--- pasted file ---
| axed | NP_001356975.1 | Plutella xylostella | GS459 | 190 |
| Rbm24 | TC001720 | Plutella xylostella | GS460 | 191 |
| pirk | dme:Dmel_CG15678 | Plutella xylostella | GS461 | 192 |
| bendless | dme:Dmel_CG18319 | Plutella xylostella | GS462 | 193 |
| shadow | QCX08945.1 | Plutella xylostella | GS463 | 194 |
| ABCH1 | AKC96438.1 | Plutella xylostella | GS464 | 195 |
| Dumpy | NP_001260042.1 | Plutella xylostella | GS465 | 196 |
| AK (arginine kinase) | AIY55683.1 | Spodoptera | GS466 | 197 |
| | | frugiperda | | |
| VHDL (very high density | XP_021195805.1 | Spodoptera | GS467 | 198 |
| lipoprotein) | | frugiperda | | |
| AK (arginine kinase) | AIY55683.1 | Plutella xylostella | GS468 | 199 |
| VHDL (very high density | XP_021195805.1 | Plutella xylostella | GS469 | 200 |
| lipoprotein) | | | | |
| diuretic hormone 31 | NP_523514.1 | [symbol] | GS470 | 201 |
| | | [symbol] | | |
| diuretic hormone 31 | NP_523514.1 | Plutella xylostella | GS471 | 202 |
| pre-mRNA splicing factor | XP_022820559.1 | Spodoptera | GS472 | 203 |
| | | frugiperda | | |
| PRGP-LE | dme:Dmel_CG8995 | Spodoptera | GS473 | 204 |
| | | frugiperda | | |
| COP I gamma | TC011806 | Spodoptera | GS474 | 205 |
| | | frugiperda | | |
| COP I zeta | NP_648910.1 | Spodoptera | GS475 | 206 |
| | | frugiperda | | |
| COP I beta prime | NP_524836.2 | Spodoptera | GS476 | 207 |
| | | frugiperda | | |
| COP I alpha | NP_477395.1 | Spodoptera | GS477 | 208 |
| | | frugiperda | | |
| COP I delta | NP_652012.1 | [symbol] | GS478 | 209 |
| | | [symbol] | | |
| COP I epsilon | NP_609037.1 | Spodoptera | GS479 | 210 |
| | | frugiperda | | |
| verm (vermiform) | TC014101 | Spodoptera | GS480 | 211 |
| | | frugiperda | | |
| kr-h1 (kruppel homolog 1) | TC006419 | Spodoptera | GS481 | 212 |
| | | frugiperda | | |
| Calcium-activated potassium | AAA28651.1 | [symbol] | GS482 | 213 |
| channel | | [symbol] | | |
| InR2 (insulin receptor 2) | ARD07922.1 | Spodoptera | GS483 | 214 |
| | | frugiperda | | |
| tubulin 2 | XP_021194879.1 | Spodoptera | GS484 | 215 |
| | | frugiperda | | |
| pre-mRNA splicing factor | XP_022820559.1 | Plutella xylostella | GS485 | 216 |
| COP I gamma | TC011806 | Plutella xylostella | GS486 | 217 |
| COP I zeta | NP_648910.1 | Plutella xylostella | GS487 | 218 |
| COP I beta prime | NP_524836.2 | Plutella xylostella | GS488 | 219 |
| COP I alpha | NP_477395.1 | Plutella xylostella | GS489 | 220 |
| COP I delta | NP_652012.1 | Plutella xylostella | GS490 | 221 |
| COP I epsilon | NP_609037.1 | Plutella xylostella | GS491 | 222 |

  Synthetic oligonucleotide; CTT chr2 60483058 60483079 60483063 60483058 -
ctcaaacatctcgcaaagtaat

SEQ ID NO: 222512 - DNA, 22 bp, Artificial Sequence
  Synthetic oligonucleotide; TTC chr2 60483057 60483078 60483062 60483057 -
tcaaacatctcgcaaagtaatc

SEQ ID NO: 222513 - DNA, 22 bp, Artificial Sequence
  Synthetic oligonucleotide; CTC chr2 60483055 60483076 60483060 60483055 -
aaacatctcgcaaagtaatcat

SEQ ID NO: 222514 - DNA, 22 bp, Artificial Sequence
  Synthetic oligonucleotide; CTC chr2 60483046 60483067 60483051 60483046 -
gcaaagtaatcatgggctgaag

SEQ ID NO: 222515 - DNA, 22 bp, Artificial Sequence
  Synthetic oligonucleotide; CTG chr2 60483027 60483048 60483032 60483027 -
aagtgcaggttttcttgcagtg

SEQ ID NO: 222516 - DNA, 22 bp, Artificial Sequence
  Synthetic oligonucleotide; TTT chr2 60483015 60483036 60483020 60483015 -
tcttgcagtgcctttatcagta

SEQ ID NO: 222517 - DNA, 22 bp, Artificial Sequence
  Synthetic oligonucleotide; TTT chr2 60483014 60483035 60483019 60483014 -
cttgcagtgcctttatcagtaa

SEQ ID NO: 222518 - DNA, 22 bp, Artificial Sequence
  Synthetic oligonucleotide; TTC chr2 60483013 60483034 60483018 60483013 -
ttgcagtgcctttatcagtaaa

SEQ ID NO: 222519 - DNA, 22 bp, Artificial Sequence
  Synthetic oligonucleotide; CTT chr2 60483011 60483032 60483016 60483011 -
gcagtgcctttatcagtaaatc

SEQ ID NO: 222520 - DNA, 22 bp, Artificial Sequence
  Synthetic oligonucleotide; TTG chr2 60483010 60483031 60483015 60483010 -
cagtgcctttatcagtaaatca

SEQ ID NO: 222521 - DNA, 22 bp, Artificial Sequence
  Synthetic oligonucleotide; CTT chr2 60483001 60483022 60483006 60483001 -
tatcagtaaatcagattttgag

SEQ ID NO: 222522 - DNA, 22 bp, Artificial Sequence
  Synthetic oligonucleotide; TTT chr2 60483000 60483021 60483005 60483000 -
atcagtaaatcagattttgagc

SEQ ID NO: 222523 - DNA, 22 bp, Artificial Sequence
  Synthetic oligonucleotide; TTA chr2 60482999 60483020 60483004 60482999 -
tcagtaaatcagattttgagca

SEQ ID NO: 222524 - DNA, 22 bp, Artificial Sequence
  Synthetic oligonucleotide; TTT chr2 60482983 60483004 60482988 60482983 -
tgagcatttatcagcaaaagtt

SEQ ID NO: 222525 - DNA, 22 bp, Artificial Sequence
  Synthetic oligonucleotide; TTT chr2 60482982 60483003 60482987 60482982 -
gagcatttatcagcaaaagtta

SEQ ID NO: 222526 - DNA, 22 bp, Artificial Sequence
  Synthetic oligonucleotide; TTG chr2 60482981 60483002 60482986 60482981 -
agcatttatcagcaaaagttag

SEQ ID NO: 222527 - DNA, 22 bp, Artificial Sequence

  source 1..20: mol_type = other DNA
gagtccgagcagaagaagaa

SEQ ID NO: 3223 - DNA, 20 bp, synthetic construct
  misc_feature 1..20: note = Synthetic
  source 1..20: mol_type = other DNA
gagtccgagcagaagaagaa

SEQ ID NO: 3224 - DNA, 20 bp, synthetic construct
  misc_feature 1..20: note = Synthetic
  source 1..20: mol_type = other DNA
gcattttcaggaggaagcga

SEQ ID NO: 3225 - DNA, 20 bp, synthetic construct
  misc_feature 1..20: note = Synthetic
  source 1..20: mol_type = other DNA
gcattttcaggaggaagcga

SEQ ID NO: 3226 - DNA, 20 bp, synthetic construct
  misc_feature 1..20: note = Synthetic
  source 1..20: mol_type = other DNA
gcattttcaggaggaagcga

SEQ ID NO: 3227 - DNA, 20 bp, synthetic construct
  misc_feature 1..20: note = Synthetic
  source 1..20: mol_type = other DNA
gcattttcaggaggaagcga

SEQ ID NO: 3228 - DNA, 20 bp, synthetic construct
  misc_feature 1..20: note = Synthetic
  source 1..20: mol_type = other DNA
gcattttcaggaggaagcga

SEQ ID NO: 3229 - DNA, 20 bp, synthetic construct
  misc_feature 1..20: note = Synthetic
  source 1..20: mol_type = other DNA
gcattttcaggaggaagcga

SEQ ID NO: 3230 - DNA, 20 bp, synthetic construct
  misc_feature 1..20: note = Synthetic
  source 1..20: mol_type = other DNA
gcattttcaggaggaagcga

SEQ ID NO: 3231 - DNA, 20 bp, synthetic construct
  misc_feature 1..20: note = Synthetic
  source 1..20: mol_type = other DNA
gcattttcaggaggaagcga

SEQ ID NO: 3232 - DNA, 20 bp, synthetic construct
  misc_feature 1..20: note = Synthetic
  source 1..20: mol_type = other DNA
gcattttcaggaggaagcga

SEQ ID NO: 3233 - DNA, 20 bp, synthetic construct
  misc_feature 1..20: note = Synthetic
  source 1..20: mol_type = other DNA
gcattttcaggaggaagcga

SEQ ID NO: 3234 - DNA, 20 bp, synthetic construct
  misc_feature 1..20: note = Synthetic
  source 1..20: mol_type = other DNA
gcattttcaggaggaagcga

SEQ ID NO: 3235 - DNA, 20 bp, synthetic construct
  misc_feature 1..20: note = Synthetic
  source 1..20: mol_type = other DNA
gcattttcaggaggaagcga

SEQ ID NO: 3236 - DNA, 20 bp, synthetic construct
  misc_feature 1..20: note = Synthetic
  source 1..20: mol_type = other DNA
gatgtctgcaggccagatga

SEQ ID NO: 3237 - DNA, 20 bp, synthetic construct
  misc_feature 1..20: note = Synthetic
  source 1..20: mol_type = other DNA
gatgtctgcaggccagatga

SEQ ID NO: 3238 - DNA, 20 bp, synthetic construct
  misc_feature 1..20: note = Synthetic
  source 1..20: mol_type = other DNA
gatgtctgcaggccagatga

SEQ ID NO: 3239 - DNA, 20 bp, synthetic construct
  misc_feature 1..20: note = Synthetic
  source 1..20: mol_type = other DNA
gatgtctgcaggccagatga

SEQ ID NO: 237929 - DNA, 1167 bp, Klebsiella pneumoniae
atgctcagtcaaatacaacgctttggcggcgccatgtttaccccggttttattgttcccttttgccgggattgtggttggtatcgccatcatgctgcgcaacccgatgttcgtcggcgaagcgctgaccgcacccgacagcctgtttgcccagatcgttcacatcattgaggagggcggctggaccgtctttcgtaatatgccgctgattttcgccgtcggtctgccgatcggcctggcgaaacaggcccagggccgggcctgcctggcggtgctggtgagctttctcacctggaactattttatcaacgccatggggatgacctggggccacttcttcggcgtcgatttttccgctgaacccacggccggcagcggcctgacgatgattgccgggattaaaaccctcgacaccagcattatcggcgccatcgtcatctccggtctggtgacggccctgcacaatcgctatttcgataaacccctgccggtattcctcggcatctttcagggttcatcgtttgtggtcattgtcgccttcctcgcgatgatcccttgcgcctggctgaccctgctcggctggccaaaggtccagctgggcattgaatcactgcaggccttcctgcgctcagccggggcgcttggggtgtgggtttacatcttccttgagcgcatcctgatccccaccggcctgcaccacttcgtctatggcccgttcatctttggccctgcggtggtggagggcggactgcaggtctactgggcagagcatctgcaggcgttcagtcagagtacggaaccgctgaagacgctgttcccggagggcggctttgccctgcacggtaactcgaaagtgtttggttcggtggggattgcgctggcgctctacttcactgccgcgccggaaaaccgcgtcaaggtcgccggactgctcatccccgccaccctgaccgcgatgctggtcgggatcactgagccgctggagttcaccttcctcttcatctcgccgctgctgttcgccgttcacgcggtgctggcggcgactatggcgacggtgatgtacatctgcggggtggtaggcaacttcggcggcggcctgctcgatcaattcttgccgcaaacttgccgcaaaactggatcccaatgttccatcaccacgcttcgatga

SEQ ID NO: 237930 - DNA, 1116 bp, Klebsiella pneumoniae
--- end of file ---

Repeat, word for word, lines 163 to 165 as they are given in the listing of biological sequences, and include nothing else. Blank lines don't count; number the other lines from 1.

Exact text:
  source 1..20: mol_type = other DNA
gatgtctgcaggccagatga

SEQ ID NO: 3239 - DNA, 20 bp, synthetic construct